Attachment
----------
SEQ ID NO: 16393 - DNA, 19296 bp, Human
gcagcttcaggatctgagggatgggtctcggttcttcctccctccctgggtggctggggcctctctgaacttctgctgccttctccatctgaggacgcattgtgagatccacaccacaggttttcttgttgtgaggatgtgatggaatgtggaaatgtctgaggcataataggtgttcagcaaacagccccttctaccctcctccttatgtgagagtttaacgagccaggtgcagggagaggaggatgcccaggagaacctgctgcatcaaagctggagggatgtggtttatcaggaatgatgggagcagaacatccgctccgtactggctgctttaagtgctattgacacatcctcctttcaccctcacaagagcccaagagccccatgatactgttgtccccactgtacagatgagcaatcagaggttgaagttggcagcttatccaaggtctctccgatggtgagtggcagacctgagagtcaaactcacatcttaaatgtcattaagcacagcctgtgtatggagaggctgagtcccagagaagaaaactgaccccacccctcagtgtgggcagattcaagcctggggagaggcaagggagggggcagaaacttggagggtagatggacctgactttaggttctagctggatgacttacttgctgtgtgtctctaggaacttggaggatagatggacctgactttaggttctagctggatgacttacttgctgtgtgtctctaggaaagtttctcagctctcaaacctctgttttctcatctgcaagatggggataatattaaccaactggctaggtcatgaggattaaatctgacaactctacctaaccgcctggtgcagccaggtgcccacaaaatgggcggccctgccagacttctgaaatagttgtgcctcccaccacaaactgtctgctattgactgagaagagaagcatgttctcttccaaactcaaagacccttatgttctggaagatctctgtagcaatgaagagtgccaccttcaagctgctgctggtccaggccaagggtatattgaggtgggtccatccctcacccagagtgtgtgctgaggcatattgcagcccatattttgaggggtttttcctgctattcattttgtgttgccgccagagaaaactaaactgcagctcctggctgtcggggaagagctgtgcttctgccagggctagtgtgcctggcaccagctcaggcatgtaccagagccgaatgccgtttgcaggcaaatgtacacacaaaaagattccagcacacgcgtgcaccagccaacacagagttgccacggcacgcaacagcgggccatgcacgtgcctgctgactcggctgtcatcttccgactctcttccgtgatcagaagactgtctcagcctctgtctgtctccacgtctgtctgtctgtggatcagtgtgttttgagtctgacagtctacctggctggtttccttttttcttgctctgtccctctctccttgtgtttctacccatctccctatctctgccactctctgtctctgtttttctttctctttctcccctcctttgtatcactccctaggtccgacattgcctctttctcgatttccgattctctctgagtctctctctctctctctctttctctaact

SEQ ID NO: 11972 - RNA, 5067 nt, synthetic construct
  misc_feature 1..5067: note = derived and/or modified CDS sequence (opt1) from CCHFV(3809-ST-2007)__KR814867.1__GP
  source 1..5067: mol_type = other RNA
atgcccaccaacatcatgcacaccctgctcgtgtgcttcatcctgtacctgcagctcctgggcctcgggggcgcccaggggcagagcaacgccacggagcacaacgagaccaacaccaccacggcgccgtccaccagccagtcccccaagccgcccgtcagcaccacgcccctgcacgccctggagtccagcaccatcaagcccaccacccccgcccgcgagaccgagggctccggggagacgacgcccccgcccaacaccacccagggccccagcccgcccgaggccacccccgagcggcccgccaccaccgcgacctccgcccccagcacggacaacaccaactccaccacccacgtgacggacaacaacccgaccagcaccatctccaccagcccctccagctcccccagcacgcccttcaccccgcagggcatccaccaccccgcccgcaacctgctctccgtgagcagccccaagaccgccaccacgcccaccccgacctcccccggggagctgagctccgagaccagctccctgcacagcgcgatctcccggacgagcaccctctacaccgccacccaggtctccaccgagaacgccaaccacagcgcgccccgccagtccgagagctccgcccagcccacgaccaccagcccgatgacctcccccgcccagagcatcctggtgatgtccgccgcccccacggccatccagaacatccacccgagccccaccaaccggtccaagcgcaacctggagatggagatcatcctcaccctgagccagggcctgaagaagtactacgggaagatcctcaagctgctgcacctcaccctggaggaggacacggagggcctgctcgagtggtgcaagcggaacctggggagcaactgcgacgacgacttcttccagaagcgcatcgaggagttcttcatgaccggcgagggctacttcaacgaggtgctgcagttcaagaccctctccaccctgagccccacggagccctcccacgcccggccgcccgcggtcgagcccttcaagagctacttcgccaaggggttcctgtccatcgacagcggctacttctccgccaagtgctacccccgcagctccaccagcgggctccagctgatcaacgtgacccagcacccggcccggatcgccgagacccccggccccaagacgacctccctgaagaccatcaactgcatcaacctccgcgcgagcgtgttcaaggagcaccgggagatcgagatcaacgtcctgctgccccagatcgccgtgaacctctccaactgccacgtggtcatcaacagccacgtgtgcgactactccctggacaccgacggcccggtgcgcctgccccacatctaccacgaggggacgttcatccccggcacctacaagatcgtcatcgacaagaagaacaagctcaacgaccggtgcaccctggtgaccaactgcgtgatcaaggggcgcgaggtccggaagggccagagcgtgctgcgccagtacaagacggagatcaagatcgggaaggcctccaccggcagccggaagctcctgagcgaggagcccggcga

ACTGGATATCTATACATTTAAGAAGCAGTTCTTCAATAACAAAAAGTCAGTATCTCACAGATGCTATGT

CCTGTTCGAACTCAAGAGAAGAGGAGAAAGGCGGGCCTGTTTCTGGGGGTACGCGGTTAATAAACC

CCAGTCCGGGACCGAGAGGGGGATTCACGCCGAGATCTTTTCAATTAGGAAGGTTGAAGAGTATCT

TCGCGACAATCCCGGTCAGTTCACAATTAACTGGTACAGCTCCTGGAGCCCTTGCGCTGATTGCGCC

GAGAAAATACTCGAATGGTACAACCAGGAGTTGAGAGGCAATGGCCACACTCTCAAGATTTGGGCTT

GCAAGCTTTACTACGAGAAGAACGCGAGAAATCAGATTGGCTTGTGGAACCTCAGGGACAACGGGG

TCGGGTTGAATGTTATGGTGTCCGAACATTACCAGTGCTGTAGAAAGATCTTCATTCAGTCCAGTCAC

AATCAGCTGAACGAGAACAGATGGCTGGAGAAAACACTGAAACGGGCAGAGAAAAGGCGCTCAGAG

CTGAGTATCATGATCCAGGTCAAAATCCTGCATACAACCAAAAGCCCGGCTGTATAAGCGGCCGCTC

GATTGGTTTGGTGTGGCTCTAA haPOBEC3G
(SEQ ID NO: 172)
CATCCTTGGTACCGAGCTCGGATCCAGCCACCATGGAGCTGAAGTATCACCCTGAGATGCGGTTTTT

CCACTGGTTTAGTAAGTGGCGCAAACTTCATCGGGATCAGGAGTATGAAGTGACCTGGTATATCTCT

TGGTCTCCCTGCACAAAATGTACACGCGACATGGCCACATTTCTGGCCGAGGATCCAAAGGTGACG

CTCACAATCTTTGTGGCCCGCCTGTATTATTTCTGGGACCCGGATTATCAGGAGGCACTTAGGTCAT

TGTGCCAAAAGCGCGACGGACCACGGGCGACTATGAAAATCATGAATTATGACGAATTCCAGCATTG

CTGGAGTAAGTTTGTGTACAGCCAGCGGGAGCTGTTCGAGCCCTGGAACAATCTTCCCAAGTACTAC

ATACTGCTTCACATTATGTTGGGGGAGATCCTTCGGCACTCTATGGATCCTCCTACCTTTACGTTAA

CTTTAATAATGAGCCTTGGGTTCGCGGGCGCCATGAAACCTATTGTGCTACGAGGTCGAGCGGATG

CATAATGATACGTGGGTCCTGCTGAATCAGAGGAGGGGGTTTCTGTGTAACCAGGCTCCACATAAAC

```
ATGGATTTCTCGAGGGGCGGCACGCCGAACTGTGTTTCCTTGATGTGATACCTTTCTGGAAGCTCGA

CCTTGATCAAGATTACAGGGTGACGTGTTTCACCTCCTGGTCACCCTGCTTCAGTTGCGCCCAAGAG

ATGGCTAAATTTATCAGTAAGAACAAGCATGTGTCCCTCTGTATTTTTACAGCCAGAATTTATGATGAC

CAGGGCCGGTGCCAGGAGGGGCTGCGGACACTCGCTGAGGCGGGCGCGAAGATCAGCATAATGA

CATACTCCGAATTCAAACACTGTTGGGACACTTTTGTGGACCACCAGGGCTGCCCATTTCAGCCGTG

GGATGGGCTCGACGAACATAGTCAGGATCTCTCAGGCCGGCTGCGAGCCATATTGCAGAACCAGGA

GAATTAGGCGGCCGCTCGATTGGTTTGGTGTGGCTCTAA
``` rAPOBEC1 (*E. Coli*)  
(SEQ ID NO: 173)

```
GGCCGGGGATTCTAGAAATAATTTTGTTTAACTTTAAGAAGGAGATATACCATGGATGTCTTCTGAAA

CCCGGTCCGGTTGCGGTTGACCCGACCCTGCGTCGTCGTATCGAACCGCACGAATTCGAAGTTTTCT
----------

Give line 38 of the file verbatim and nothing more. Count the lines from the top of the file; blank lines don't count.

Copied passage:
GGCCGGGGATTCTAGAAATAATTTTGTTTAACTTTAAGAAGGAGATATACCATGGATGTCTTCTGAAA